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  1. At first glance Silverback's Square is a big bike, the 27.5plus, 3 inch tyres dwarfing its frame and even the more typical 2.25" wheeled Silverback Slider model hanging with it on the bike rack on the back of my car. You'll be excused if you mistake it for a typical fatbike, or not know exactly what to make of it. I am in no way an XC racer, nor do I have steel gonads or a never-ending supply of optimism and energy. What I am however, is an aggressive trail rider. I like to do everything with a single bike, ride up at a semi decent pace then fly down. W2W one weekend and then enter an enduro the next weekend, without changing bikes or even suspension setup between events. My review is from this perspective - so please see it as such. I've spent a couple of days with two of Silverback's 2016 models, the Slider and Square with the focus of my time on the Square. FrameBike colours will always be subjective; Silverback has chosen to go the route of bright neons on their trail bikes, and some of them are a bit too bright for my liking. I normally ride my bikes black on black with only small feature pieces. The Square however is both bright enough and subtle enough to attract my attention and highlight it's features. The paint is durable and pretty scuff resistant and the decal design and colours under the clearcoat well thought out. The tubing diameter, profiles and layout looks well proportioned, and has an aggressive feel to it, and not the softer looks that some fat- and plus bikes offer. With a tapered headtube, hydro-formed 6061 alloy tubing, detailed machining and neat welding, Silverback makes a good looking stiff frame that inspires confidence in their build quality. The rear end buttons up with a 12mm Maxle for maximum stiffness. My right inside calf was touching the rear triangle on the upstroke, right at the top pivot bolt (due to the increased width to accommodate the plus sized wheels). This lasted for a couple of minutes and I thought I would get very annoyed with it, turned out I either got used to it, or adjusted my leg subliminally and completely forgot about it. ComponentsDrivetrain:Silverback uses Sram components on their bikes, and so the square features a 1x11 (10-42) Sram GX gear setup with a Raceface Turbine crankset and 32t NW ring. Shifting remained crisp and effortless during testing. I like the yellow cable on the display bike - a detail that works for me with the decals. Slowing down:SLX brakes on 180mm IceTec rotors, takes care of reigning this machine in, and albeit great for everyday trails, I found that they felt slightly under-powered when I was on steep difficult terrain where gravity was hard at work. A bigger front rotor could possibly sort this out, which would be a cheaper solution that upgrading to XT brakes. Wheels:52mm Wide Stans Hugo rims, on Sram hubs (15/110mm T/A front, 12/148mm T/A rear) and tubeless Maxxis Chronicle 3" tyres completes the running gear. The tyres roll fast and handles rocks and roots well, but I felt the front tyre could have more aggressive side knobs to aid aggressive cornering especially on loosepack. I tried different tyre pressures and ended up using higher pressure than recommended, to counter the feeling of sidewall flex in berms. Since the bike was an ex display bike turned demo bike, the bike slipped under the radar and did not get the PSS that would normally be done to a build before it gets sold or added to the demo fleet. This unfortunately meant that for the most components, I got a no-grease, bone dry bike. Only evident after taking a ride when trying to remove the rear wheel, realizing the 12mm Maxle has seized in place, resulting in a damaged axle when I had to forcefully remove it. Silverback assures me that this is a fluke - and all bikes gets a pre-sale service under normal circumstances. Saddle: Seating is provided by a very comfortable house brand Sector Perfromance series saddle on a Sector alloy seatpost. The newer bikes gets sold with internally routed 100mm Sector dropper posts, but unfortunately this display bike was built up before the dropper addition to the spec list and so I could not try it out. Bars/Stem: The cockpit comes in the form 740mm wide Sector double butted alloy riser bar, bolted to a 60mm Sector Box stem. Decent looking equipment, wide enough for good control, functional and clean with no clutter, and very little noticeable flex through the bars. The headset loosened up a few times in the first couple of rides, but after tightening it up the 3rd time, it retained it's place. This is probably due to a lightweight starnut. The topcap looks good, but the anodized alu feature bolt showing signs of wear without any over-tightening. The grips offers good tackiness and thickness, but is a bit hard for my liking and riding them for a long day on hard trails will result in some pretty hardcore calluses, once again that is very subjective. Fit: Geometry numbers on the Square are on par with modern trail bikes with a 69deg head angle, 625mm top tube and a pretty long 1169mm wheelbase. The large was a perfect fit for my 182mm (6'0) height. SuspensionFront:Suspension is sorted at the front by a 34mm stanction, Manitou Magnum Comp, 120mm fork with boost/110mm hub spacing. It has limited adjustability - air spring, rebound and ABS+ compression damper/lockout , but feels planted, plush and stiff, and more impressively - bottomless on trails, even with only 120mm travel. Surely the big volume tyres are partly responsible. Rear:IDS Revo is the name Silverback has given their rear suspension system (bottom bracket concentric cartridge bearings that mounts via linkage to the rear triangle), and running off a Rockshox RT3, the setup provides you with 110mm travel, that is both small bump sensitive, and big hit capable. I never flipped the lever over from fully open and did not feel it necessary on climbs, as the bike never felt like it was squatting or bobbing when pedaling, even out of the seat. The cable routing under the BB in an attempt to get it clean and neat, and to get it away from the wide rear triangle, seems a bit forced, with tight twists and turns. Changing brakes may prove a challenge, considering the length of the needed rear hose or completely re-routing, to make shorter hoses work. Riding the bikeUp:Mountain biking is not exempt from physics, and as per Newton's 3rd law of motion; what goes up, must come down. That means that to get decent downhills, you must endure the uphills. Consequently most good mountain bike trails typically start with a proprietary climb up a hill, leg powered or ski-lift, gradual or steep. Locally in SA, we don't have the luxury of Gondolas and so pedaling the bike to where you want it is standard procedure. The Square is good, albeit a bit slouchy on the climbs - the great suspension and endless grip only hampered by the 15kg+ weight of the bike. if you keep your cadence steady and your gear ratio light (with the legs to back it up), it will climb like a Sherpa over any terrain, but it does take it out of you on longer climbs. Once at the top, you may just want to take a slight breather before heading down. Down: Catch your breath, take a sip of your bottle (of which a full size bottle fits in the front triangle) point the 3" front tyre down and release a whole can of whoop-ass on the trail. The Square has immense roll over ability, and as long as you can imagine the line, the Square will obey, undramatically eating rocks, devouring bumps and ignoring ruts. The Square feels balanced, and composed, on trails, the geometry lending itself to going faster than you would feel comfortable on normally. Riding the bike on fast DH lines and quick Red routes like Red Phoenix, the bike reveals a planted character, unshaken by ruts or braking bumps. What you do also notice is that this stability comes at the cost of flick-ability, and liveliness and running flat out through a chicane will have you working hard to lean and keep the bike dropped retaining traction, especially in the quick switch from side to side. Some traction can be gained by dropping tyre pressures, but there's a fine balance of traction vs rolling resistance and the feeling of the tyre sidewall flexing, makes my stomach churn, especially since I know that if my wheel burps, I need a couple of CO2 canisters, and a whole lot of luck to get tyres seated or inflated. And a micro pump is about as useful as inflating an air mattress with your mouth. It will get you there eventually, but there's easier ways to do things. Riding typical trails where you are doing longer distances, the rolling resistance on wide tyres and extra weight will not go unnoticed unfortunately. Sure you'll get strong riding it all day, or - and more possibly so - you may plan or unwittingly keep your ride distances down to shorter rides than usual, with less traversing and exploring as a part of your ride. Let the brakes go, choose a line and commit and you'll soon go into hyperdrive, where trees blur, and tunnel vision takes over. The bike pops off jumps surprisingly easy for its size, and in the air is a place where the Square feels very at home. It's more comfortable with slight tweaks and dead sailors than with big whips and tabletops, since the sheer size of the wheels generate a substantial gyroscopic force that does not like to be change direction when at speed. Landing is uneventful and almost too easy. With a relatively long rear end, getting the front wheel to stay up and level at manuals takes some practice and technique adjustment - your front wheel needs to be picked up higher to get your weight more off the back of the bike, to counter balance the front end and get decent distance over obstacles. Alternatively, just roll over them, since you probably won't feel it. The real test of the Square's abilitiesAfter pitching the idea to Marthinus of Silverback, he was kind enough to let me run the Square in EzelEnduro 2016, a race that, although only in it's second year, has a reputation to break bikes and riders. The terrain on SS1 starting fast and off camber - sandy, and finishing off SS66 with nothing but steep boulder fields. To setup the Square for the race I did a couple of setup and component changes, just to dial it in. My own wider bars, XTR brakes, Ruby silicon grips to help with arm pump, and my Fox DOSS dropper with SDG iBeam seat and some cage pedals for more secure footing to replace my XTR clipless. Then I also added on loads and loads of frame protection tape and cut up a used tyre as downtube protection, so that I don't return a badly scuffed up bike to Silverback after the race. Other than that, I rode it all stock. The 120mm front suspension from the Manitou Magnum fork, was a concern in the back of my mind, but never felt overwhelmed on the trail, even though I did bottom it out a couple of times, it was never a harsh feeling. On that kind of terrain a 140mm fork would have been better suited, and I imagine the bike would be well suited to the longer travel. The rear suspension handled the rocks well, and not puncturing on any of the stages is testament to how well it coped. The weight of the bike hampering flowy swift direction changes, fast lines where a lot of skipping over sections would be needed, like I normally would do on a lightweight trail bike, but had me choosing seemingly impossible lines and not giving it a second thought, bouncing off big rocks, steep drops and riding in and out of ruts - mostly just over them with abandon. EzelEnduro photo Credit to Ewald Sadie. esphotography.co.za Pushing the bike up to the two final stages (that's just what you have to do - not compulsory, but impossible to ride and pointless to try), I was acutely aware of it's size and weight, as my body was tired from wrestling the terrain, and there is no way I could be carrying it on my back, up the slopes to the starting points. On the race, the Silverback Square proved to be, as my test rides would have suggested, a competent and very competitive and solid choice of bike for the terrain. I think my results, in part, shows what this bike lends itself to.Inspection after the race showed a bike for the greater part unfazed by the terrain, other than the rear wheel bearings may need a service/tightening up, rear spokes needs tensioning and there's a single small flat spot in the rim. The long and short of itBig wheels. Sure you can use it on the beach on your December holidays, and the 3" tyres would do well there running lower pressures; but once you've seen what this machine can do, you'll feel silly using it as a beach cruiser. If you look at it there on the car, dwarfing both the car and most other bikes, it is difficult to picture what the bike is designed for or what it is capable of; so take it to some trails to find out. I've been hitting downhill PR's with it on GSpot, Paarl DH and Eden normally on the first pass already. If you're not hard pressed for fast climbing or all day long distance riding, and more interested in a well mannered trail bombing machine, that goes as good as it looks, look no further. It won't replace a carbon framed lightweight XC machine, and it's not as responsive and forgiving as an long travel purpose built enduro bike. All-in-all though, a great trail bike, but shaving a bit of weight off the build, would definitely give this bike a bit more Synergy... The Silverback Square is a well designed, well specced machine, it is very capable and could make any trail, and especially challenging terrain, seriously fun. The drivetrain, suspension design and suspension components really standing out in testing as well considered parts of the build, with nothing falling in the "why is that on here" bracket. The bike is not cheap, but, at it's price point and impressive part list, it is great value for your hard earned money. Official spec list (slightly different from the bike I tested): Frame: Silverback Intelligent Design System (IDS) Revo Technology, Exclusive Suspension Science, 27.5+ Trail Machine, Hydroformed 6061 Alloy Custom Butted Tubing, Tapered 1-1/8”-1.5” Headtube, Silverback 12 x 148mm Dropouts, Super-Stiff StaysFork: Manitou Magnum Comp 27.5+, 120mm, Tapered Alloy Steerer, Crown lockout, 15x110mm Dropout, Post Mount DiscRear Shock: Rock Shox Monarch RT3, 110mm Travel, 184x44mmRims: Hayes/Sun Ringle Mulefut 50 27.5”, Alloy, 32H, Hayes/ Sun Ringle Rimtape and Valves, BlackHubs: Front: 2 Cartridge Bearings, Rear: 4 Cartridge Bearings, 3 Pawl Chromo SRAM XD 11 Speed Freehub Body with 10° Engagement, 32H, 6-Bolt Disc MountTyres: Maxxis Chronicle 27.5” x 3.0, TR and EXO, Kevlar BeadStem: Sector Box, Alloy, S/M: 60mm; L/XL: 75mm, 6° x ∮31.8mm, BlackHandlebar: Sector Gradient, Double Butted Alloy, W: 740mm; Back Sweep: 9°; Up Sweep: 5°; 15mm Rise x ∮31.8mmSeatpost: SBC Dropper Post, Remote Lockout, Internal Cable Routing, 100mm Drop, ∮31.6mm, S/M: 350mm, L/XL: 400mm, BlackSaddle: Sector Performance series, Cr-Mo RailsBrake set: Shimano SLX BL/BR-M675, Open Hydraulic System, Metal Pads w/Fin, Levers Rotors Front: 180mm; Rear: 160mm, 6-Bolt, BlackShifters: SRAM GX X-Actuation SL Trigger Shifter, 11 Speed, BlackFront Derailleur: N/ARear Derailleur: SRAM GX X-Horizon w/ Rolling Bearing Clutch and Cage Lock, BlackCassette: SRAM XG-1150 11 Speed, 10-42T, BlackCrankset: Race Face Turbine, 32T, 11-Speed, 175mmBottom Bracket: Race Face, BSAImage from Silverback's website.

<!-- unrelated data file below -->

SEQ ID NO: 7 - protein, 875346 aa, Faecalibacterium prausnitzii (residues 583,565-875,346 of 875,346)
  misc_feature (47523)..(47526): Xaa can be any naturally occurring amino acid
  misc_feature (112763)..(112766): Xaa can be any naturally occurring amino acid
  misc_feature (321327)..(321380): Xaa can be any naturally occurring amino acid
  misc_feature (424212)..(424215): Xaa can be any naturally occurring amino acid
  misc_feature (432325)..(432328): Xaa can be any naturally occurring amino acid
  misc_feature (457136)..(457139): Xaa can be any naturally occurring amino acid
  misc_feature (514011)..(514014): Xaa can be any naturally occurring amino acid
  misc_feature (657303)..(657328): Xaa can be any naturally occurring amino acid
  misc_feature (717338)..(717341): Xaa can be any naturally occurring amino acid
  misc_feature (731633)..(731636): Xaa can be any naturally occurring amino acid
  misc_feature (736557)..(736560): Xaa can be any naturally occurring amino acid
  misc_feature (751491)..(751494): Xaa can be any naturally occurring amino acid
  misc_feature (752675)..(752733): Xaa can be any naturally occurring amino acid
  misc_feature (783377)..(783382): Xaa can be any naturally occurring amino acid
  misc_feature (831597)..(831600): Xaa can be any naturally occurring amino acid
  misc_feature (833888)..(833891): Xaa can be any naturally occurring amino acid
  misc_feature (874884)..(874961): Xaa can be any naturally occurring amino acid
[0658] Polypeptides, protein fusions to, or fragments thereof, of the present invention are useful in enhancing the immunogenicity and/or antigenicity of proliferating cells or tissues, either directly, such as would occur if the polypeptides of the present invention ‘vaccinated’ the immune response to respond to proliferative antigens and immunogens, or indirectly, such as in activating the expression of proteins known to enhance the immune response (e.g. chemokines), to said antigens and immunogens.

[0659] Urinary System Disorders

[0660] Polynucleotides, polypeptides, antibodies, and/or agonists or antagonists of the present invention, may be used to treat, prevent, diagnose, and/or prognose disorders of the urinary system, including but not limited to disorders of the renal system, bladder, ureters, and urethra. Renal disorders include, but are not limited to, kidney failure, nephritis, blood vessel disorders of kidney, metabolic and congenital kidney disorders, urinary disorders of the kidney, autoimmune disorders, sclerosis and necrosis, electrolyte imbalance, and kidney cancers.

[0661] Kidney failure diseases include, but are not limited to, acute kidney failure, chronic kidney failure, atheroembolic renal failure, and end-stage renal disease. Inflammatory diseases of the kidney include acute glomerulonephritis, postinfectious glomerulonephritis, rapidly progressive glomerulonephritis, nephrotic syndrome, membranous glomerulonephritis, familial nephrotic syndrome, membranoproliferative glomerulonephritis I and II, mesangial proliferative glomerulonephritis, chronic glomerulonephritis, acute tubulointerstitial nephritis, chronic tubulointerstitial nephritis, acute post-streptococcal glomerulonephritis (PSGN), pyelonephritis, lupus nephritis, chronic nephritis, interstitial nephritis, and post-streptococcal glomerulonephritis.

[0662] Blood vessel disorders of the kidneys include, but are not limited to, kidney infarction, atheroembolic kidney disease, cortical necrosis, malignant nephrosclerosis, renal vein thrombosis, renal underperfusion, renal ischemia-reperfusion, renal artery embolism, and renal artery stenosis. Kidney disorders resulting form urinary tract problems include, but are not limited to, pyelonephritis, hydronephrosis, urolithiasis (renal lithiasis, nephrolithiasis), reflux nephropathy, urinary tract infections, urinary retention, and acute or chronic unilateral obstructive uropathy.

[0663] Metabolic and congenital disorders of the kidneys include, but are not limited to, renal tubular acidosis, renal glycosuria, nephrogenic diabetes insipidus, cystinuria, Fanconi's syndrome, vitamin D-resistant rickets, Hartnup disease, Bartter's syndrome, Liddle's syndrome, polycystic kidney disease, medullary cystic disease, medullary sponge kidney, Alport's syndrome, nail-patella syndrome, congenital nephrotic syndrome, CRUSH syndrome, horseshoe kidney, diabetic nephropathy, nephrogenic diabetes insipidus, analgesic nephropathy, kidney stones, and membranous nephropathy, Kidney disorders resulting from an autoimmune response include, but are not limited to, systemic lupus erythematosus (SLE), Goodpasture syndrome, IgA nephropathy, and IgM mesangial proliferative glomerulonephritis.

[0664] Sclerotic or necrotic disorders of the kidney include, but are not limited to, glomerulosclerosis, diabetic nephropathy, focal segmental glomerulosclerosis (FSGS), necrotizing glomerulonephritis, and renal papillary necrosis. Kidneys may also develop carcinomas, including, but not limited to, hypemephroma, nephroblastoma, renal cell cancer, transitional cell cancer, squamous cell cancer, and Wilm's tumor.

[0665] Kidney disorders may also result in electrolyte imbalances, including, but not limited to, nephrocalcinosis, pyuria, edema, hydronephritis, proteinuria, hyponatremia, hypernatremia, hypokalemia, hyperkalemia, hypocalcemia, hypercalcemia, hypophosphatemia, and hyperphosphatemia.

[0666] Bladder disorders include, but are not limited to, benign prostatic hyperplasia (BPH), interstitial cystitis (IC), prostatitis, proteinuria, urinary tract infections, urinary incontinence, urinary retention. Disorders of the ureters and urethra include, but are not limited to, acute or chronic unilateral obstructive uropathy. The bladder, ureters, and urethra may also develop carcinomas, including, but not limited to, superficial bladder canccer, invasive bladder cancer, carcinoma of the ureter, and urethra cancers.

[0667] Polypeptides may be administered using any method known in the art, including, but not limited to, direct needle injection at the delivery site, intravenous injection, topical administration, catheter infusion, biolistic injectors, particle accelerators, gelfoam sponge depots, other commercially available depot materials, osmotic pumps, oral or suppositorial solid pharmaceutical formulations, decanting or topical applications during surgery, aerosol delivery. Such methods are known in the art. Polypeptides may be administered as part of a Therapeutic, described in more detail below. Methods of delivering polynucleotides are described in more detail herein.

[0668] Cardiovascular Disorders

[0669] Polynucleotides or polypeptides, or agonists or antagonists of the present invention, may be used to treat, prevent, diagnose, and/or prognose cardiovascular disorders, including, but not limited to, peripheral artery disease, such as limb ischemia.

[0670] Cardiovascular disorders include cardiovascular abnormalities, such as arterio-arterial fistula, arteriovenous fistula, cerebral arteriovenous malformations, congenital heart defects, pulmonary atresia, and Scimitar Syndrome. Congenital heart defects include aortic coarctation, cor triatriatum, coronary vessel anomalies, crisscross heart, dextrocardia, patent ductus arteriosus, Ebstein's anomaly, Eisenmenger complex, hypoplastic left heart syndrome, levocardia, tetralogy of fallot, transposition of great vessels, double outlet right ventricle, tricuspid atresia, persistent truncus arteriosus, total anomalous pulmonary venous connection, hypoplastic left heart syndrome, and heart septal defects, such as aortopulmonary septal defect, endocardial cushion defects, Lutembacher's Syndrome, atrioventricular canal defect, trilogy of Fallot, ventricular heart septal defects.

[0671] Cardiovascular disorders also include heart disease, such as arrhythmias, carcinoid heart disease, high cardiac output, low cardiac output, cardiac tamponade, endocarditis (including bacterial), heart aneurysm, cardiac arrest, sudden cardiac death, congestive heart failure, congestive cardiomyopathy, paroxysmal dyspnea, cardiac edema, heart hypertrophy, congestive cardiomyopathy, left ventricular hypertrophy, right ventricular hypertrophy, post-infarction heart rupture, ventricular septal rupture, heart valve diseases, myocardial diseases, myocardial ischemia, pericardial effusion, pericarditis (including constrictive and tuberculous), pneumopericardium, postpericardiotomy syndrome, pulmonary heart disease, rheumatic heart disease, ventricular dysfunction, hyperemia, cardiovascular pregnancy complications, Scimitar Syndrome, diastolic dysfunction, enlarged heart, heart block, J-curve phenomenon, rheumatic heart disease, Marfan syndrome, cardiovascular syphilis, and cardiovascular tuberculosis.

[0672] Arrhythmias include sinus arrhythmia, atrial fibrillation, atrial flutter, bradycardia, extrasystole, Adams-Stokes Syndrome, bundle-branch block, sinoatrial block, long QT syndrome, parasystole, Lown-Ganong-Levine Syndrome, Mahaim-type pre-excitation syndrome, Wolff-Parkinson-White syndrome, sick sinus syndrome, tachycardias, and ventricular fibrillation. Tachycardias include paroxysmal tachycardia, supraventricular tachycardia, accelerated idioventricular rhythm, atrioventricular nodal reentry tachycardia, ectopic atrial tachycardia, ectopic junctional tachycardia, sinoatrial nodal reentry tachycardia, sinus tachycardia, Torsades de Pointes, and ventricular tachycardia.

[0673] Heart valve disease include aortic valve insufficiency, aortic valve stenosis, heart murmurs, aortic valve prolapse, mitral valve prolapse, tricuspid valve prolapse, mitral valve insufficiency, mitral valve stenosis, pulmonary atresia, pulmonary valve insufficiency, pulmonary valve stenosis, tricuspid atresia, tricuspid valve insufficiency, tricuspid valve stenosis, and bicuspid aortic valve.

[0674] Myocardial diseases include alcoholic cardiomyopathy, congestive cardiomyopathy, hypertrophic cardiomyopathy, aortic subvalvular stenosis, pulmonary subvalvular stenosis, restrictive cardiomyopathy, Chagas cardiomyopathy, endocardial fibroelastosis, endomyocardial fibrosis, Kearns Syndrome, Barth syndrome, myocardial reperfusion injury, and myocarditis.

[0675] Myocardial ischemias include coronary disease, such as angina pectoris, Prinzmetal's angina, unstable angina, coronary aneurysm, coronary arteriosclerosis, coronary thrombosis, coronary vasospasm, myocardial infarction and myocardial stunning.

2. Hello hubbers, My bike, Scott Genius 750 (2018), has the ability to switch between 27"+ and 29", and now I'm interested to do exactly that. The reason is mainly because my bike has quite a low BB, and I believe 29er will be able to just add a few needed centimeters. I just want to know if it's possible to trade my current 27"+ wheelsets for 29ers? I have the following: Rims: Syncros X-30s, 32 hole, 30mm Hubs: Front - Shimano HB-M6010-B CL, 15x110mm Rear - Shimano FH-M6010 CL, 12x148mm Tires: Maxxis Recon 2.8" I also have a Shimano CS-HG50-10 speed cassette, which I believe is not compatible with Sram XD hubs, but in the future I'd probably want to upgrade to Sram SX/NX and I don't know if XD hubs and Shimano cassetes are compatible for the time being? What can I expect to get for my wheelset aswell? Thanks in advance!